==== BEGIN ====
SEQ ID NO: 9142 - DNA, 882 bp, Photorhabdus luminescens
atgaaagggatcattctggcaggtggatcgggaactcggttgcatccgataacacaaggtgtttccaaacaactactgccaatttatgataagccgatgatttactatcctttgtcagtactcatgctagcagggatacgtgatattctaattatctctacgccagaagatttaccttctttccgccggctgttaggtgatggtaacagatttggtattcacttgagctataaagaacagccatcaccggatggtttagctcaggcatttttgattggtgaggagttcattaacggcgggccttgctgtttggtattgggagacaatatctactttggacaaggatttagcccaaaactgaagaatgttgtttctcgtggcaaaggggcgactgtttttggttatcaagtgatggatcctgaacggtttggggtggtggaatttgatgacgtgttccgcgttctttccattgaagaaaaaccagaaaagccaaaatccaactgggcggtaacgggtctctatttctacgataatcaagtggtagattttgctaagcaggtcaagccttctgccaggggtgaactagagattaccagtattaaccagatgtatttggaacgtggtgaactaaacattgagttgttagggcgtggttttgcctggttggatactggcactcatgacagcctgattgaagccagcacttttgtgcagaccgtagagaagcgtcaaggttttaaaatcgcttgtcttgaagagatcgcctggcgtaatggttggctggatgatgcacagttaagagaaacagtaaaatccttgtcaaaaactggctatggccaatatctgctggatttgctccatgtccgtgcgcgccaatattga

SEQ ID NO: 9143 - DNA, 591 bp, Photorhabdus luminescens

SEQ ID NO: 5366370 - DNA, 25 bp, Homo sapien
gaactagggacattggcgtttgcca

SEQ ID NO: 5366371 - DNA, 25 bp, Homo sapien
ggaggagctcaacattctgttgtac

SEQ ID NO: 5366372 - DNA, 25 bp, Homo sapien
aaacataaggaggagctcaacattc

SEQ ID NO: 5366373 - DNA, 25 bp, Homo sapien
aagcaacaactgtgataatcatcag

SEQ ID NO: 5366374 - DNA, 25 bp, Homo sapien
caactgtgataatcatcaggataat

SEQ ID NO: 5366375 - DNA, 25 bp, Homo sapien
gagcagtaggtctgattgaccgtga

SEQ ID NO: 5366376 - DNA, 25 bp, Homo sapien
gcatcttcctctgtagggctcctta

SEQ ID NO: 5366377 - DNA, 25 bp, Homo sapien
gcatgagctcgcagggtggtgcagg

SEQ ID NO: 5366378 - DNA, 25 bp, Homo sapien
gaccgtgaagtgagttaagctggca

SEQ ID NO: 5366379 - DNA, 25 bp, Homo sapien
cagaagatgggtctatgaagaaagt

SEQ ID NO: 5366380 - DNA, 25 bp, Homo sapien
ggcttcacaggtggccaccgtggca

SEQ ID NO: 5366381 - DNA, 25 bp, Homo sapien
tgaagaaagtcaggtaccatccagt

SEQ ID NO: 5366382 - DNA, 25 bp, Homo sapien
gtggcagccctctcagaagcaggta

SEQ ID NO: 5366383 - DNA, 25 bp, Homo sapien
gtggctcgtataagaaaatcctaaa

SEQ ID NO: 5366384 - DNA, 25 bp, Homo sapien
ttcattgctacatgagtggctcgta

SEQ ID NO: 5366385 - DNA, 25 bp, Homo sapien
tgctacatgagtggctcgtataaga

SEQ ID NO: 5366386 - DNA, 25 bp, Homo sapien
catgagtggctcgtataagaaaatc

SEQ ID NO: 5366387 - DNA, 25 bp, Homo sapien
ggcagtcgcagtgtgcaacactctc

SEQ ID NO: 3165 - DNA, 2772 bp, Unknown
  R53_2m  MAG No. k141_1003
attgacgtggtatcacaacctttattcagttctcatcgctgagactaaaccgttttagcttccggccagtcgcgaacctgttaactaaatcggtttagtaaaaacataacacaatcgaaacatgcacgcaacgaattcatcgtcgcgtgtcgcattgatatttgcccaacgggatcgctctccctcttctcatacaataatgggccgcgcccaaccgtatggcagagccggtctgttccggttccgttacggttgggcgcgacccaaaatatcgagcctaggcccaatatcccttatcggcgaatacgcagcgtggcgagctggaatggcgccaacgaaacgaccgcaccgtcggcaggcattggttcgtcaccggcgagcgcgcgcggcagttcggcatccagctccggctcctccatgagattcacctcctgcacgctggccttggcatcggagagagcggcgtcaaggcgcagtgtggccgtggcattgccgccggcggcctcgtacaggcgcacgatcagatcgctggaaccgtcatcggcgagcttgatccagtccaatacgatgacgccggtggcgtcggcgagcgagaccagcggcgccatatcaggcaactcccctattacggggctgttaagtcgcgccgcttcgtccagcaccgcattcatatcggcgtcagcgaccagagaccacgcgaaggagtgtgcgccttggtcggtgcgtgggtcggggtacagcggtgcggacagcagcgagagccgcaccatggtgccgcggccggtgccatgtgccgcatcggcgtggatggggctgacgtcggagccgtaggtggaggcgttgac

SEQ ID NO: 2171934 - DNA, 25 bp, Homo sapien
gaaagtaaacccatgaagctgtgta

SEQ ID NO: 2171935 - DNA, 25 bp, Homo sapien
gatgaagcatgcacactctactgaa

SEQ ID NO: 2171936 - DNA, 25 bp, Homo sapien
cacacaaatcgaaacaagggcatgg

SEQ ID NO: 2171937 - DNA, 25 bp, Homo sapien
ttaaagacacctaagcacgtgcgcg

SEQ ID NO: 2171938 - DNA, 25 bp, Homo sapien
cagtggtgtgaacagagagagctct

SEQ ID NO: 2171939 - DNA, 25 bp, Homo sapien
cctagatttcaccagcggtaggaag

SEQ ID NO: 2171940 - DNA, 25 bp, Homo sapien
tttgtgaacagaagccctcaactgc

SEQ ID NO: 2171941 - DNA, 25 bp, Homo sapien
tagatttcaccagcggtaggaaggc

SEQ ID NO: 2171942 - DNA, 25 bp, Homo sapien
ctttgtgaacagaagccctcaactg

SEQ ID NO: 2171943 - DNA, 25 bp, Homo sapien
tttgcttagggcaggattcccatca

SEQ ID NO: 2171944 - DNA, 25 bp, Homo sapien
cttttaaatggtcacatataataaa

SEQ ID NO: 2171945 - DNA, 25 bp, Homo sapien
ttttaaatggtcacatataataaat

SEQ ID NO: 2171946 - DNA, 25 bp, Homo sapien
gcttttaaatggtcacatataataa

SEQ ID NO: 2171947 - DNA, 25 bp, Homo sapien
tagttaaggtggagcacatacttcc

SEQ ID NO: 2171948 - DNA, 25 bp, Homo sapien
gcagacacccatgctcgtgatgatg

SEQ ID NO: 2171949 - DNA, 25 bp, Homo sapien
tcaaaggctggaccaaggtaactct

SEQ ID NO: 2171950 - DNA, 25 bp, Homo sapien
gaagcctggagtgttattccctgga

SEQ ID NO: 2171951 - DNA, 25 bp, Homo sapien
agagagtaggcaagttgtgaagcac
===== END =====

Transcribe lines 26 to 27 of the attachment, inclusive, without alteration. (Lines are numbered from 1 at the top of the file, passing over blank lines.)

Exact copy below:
SEQ ID NO: 5366381 - DNA, 25 bp, Homo sapien
tgaagaaagtcaggtaccatccagt